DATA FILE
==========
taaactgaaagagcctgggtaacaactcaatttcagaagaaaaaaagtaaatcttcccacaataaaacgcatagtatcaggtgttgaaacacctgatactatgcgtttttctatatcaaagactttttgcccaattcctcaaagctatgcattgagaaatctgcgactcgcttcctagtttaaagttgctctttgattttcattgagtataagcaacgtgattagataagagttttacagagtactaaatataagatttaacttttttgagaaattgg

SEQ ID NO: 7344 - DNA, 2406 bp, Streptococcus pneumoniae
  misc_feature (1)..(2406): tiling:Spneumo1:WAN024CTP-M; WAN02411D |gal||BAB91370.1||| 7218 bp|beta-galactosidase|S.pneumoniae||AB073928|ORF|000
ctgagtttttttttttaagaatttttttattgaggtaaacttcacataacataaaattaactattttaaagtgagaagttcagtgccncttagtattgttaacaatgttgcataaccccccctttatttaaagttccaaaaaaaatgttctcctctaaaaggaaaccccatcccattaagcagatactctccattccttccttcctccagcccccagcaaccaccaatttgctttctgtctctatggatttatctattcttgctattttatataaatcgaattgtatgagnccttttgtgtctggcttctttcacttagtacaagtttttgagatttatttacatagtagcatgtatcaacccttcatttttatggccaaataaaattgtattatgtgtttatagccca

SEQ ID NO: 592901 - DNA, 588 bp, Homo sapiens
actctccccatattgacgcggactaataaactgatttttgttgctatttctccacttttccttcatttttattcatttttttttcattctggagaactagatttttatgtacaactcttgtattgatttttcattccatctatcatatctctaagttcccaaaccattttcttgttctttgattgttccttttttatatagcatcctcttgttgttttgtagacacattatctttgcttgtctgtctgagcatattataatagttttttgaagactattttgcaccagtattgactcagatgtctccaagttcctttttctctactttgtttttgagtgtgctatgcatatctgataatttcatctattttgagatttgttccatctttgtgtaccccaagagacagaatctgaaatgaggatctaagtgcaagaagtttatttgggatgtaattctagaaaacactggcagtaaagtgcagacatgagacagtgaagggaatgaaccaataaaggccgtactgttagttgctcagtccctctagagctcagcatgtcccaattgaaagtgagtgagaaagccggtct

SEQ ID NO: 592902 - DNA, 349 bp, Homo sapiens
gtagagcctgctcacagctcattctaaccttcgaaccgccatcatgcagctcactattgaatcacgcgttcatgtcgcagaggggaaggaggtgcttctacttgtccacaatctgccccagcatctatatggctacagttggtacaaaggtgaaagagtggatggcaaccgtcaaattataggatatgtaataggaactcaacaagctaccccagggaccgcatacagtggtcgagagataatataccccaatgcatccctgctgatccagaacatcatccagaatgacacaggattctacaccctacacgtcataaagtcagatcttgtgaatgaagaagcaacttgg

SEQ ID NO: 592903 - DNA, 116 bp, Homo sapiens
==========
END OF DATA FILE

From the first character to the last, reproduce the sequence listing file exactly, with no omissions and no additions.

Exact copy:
taaactgaaagagcctgggtaacaactcaatttcagaagaaaaaaagtaaatcttcccacaataaaacgcatagtatcaggtgttgaaacacctgatactatgcgtttttctatatcaaagactttttgcccaattcctcaaagctatgcattgagaaatctgcgactcgcttcctagtttaaagttgctctttgattttcattgagtataagcaacgtgattagataagagttttacagagtactaaatataagatttaacttttttgagaaattgg

SEQ ID NO: 7344 - DNA, 2406 bp, Streptococcus pneumoniae
  misc_feature (1)..(2406): tiling:Spneumo1:WAN024CTP-M; WAN02411D |gal||BAB91370.1||| 7218 bp|beta-galactosidase|S.pneumoniae||AB073928|ORF|000
ctgagtttttttttttaagaatttttttattgaggtaaacttcacataacataaaattaactattttaaagtgagaagttcagtgccncttagtattgttaacaatgttgcataaccccccctttatttaaagttccaaaaaaaatgttctcctctaaaaggaaaccccatcccattaagcagatactctccattccttccttcctccagcccccagcaaccaccaatttgctttctgtctctatggatttatctattcttgctattttatataaatcgaattgtatgagnccttttgtgtctggcttctttcacttagtacaagtttttgagatttatttacatagtagcatgtatcaacccttcatttttatggccaaataaaattgtattatgtgtttatagccca

SEQ ID NO: 592901 - DNA, 588 bp, Homo sapiens
actctccccatattgacgcggactaataaactgatttttgttgctatttctccacttttccttcatttttattcatttttttttcattctggagaactagatttttatgtacaactcttgtattgatttttcattccatctatcatatctctaagttcccaaaccattttcttgttctttgattgttccttttttatatagcatcctcttgttgttttgtagacacattatctttgcttgtctgtctgagcatattataatagttttttgaagactattttgcaccagtattgactcagatgtctccaagttcctttttctctactttgtttttgagtgtgctatgcatatctgataatttcatctattttgagatttgttccatctttgtgtaccccaagagacagaatctgaaatgaggatctaagtgcaagaagtttatttgggatgtaattctagaaaacactggcagtaaagtgcagacatgagacagtgaagggaatgaaccaataaaggccgtactgttagttgctcagtccctctagagctcagcatgtcccaattgaaagtgagtgagaaagccggtct

SEQ ID NO: 592902 - DNA, 349 bp, Homo sapiens
gtagagcctgctcacagctcattctaaccttcgaaccgccatcatgcagctcactattgaatcacgcgttcatgtcgcagaggggaaggaggtgcttctacttgtccacaatctgccccagcatctatatggctacagttggtacaaaggtgaaagagtggatggcaaccgtcaaattataggatatgtaataggaactcaacaagctaccccagggaccgcatacagtggtcgagagataatataccccaatgcatccctgctgatccagaacatcatccagaatgacacaggattctacaccctacacgtcataaagtcagatcttgtgaatgaagaagcaacttgg

SEQ ID NO: 592903 - DNA, 116 bp, Homo sapiens